MSC Begins Journey Towards Net-Zero Emissions By 2050
Having made the pledge in 2021 to achieve net-zero greenhouse gas emissions by 2050, MSC Cruises is continuously exploring and investing in new technologies that are helping to decarbonize, some with very promising results. On this journey, minimising the impact of cruises ships on port communities and their environment while berthed is key.
Shore power plays a role to this end; it enables ships to turn off their engines and connect to local electric power to run their onboard systems. With electricity travelling to the ship through a specially designed transformer at the dock, this process prevents emissions produced from diesel generators, improving local air quality as well as reducing noise and vibration levels.
The environment and the surrounding communities thus directly benefit from shore power technology. Following significant investments in its fleet capabilities, MSC Cruises has announced today concrete steps and commitments to adopt and accelerate the use of shore power.
Shore power ready for the summer in Southampton and Warnemünde
From the end of May throughout the 2022 summer season, two ships of MSC Cruises’ fleet will be consistently using shore power for the first time: MSC Virtuosa in the United Kingdom at the Port of Southampton’s new Horizon Cruise Terminal, and MSC Poesia in Rostock-Warnemünde, Germany.
Southampton is Europe’s leading embarkation cruise port, welcoming over 2 million passengers per year. It is also the first port in the United Kingdom to provide shore power for cruise vessels. Rostock-Warnemünde, for its part, is the largest shore power provider for cruise ships in Europe.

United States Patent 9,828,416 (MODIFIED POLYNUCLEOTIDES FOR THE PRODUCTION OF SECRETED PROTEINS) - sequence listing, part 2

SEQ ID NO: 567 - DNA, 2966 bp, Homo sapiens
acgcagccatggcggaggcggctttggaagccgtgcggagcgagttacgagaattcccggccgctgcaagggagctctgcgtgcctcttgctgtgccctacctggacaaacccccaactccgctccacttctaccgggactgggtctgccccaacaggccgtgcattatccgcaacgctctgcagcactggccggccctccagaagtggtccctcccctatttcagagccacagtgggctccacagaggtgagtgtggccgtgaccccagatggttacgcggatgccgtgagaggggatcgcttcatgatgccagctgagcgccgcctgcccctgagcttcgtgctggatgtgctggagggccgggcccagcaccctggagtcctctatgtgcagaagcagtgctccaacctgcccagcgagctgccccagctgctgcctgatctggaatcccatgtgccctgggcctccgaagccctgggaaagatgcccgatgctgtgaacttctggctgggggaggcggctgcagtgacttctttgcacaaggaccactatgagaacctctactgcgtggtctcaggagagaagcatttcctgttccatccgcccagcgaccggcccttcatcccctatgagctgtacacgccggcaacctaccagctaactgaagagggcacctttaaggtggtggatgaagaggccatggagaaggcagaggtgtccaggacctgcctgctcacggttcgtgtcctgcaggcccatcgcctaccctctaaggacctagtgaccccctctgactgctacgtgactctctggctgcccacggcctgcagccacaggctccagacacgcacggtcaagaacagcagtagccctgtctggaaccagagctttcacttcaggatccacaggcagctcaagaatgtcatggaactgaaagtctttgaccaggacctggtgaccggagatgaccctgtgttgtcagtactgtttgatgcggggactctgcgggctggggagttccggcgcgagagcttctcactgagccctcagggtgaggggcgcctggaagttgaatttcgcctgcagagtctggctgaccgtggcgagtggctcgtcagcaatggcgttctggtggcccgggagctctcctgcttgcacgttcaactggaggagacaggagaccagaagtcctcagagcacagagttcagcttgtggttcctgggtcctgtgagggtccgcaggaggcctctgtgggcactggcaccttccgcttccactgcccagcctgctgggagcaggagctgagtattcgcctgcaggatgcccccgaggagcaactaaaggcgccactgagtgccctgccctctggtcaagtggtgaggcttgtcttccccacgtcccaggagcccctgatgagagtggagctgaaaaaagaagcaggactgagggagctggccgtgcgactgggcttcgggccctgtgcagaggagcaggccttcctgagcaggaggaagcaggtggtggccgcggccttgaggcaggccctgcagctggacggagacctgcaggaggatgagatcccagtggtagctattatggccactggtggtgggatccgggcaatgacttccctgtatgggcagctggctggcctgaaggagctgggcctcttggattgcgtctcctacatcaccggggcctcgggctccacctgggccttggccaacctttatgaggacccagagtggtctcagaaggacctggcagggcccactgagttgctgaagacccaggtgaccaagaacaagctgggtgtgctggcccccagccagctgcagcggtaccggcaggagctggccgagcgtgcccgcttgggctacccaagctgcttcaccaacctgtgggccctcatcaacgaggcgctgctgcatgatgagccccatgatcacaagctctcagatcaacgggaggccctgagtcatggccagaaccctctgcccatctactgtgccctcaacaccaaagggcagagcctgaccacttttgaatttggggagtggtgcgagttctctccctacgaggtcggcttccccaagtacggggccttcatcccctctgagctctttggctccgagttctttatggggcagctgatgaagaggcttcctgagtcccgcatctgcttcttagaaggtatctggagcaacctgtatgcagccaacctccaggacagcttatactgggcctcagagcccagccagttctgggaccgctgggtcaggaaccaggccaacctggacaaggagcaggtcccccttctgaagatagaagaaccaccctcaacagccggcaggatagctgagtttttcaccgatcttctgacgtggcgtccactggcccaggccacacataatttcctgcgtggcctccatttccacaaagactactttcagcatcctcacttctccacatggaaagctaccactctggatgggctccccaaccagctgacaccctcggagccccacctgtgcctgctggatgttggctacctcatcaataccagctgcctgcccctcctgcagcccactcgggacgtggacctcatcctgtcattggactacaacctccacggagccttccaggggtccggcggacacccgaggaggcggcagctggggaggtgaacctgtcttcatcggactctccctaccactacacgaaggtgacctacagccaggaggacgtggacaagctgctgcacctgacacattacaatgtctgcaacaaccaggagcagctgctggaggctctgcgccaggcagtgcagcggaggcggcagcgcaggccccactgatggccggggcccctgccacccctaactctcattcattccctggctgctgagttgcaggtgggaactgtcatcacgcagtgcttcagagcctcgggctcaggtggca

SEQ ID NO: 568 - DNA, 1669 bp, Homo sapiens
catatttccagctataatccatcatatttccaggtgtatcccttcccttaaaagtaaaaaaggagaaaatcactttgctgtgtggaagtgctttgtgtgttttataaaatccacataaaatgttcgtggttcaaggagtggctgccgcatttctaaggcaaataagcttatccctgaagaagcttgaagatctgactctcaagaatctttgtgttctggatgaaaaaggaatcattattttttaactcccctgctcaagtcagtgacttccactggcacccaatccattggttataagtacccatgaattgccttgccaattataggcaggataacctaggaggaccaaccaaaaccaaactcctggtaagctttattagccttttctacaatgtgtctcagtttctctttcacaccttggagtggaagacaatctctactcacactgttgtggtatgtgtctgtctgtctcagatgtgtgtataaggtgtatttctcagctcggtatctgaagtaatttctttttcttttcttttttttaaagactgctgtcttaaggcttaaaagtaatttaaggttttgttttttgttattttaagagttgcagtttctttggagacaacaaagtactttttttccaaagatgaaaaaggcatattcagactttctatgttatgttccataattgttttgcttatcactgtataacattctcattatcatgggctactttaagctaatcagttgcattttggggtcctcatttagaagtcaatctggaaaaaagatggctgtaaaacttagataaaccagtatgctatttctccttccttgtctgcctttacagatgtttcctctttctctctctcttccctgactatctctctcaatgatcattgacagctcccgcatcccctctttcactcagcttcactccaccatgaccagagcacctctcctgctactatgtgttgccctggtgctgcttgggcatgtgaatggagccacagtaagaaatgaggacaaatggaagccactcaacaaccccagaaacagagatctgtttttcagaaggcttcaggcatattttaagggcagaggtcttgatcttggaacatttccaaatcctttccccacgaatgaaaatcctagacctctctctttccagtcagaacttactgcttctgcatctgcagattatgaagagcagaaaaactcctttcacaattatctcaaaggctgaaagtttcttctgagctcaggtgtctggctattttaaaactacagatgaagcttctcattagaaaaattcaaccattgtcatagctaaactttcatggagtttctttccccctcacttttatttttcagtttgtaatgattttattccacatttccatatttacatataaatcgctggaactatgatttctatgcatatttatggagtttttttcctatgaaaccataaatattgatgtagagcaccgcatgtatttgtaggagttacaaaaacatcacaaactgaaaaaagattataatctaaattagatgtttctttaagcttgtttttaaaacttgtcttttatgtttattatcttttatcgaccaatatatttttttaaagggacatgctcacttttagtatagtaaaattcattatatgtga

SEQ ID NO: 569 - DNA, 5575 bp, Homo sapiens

In both cases, close collaboration with local authorities based on shared interest has made the supply and use of shore power possible. From a practical side, MSC Cruises is grateful for the support provided by the port authorities to finish commissioning the equipment before being able to start using it systematically in a few weeks.
Linden Coppell, Director of Sustainability at MSC Cruises, said, “We look forward to using shore power in Southampton and Warnemünde throughout the summer season and we congratulate the port authorities for their forward-thinking and innovative commitment. We at MSC Cruises are continuously striving to improve our environmental footprint, and shore power allows us to do so by drastically reducing our ships’ emissions while berthed. We need more ports in other key markets in Europe to introduce shore power as quickly as possible thus joining our efforts towards net-zero emissions by 2050 and greatly reducing our local air emissions.”
An ambitious agreement with Cruise Baltic
On 5 April 2022, Cruise Baltic and MSC Cruises entered a Memorandum of Understanding concerning their joint efforts to contribute to use of shore power supply in the Baltic Sea Region. The MoU, signed in acknowledgement of the importance of reducing man-made air pollution, highlights a mutual desire to contribute to improving the cruise industry’s environmental impact.
Cruise Baltic includes 32 ports and destinations in the Baltic Sea Region. By signing the agreement, Cruise Baltic commits to work for shore power supply facilities in the region with the aim of increasing the number of facilities in the Baltic Sea. To uphold its end, MSC Cruises commits to ensure that cruise ships regularly calling to the respective ports in the Baltic Sea Region use the shore power supply if available, as soon as possible, and no later than from 1 January 2024.
Further investments in shore power capability
By the end of 2022, 11 of MSC Cruises’ 21 ships – including all the new ships built since 2017 – will be fitted with shore power capability. Existing ships are currently being or will be retrofitted in the future as their itineraries take them to ports where shore power will be available.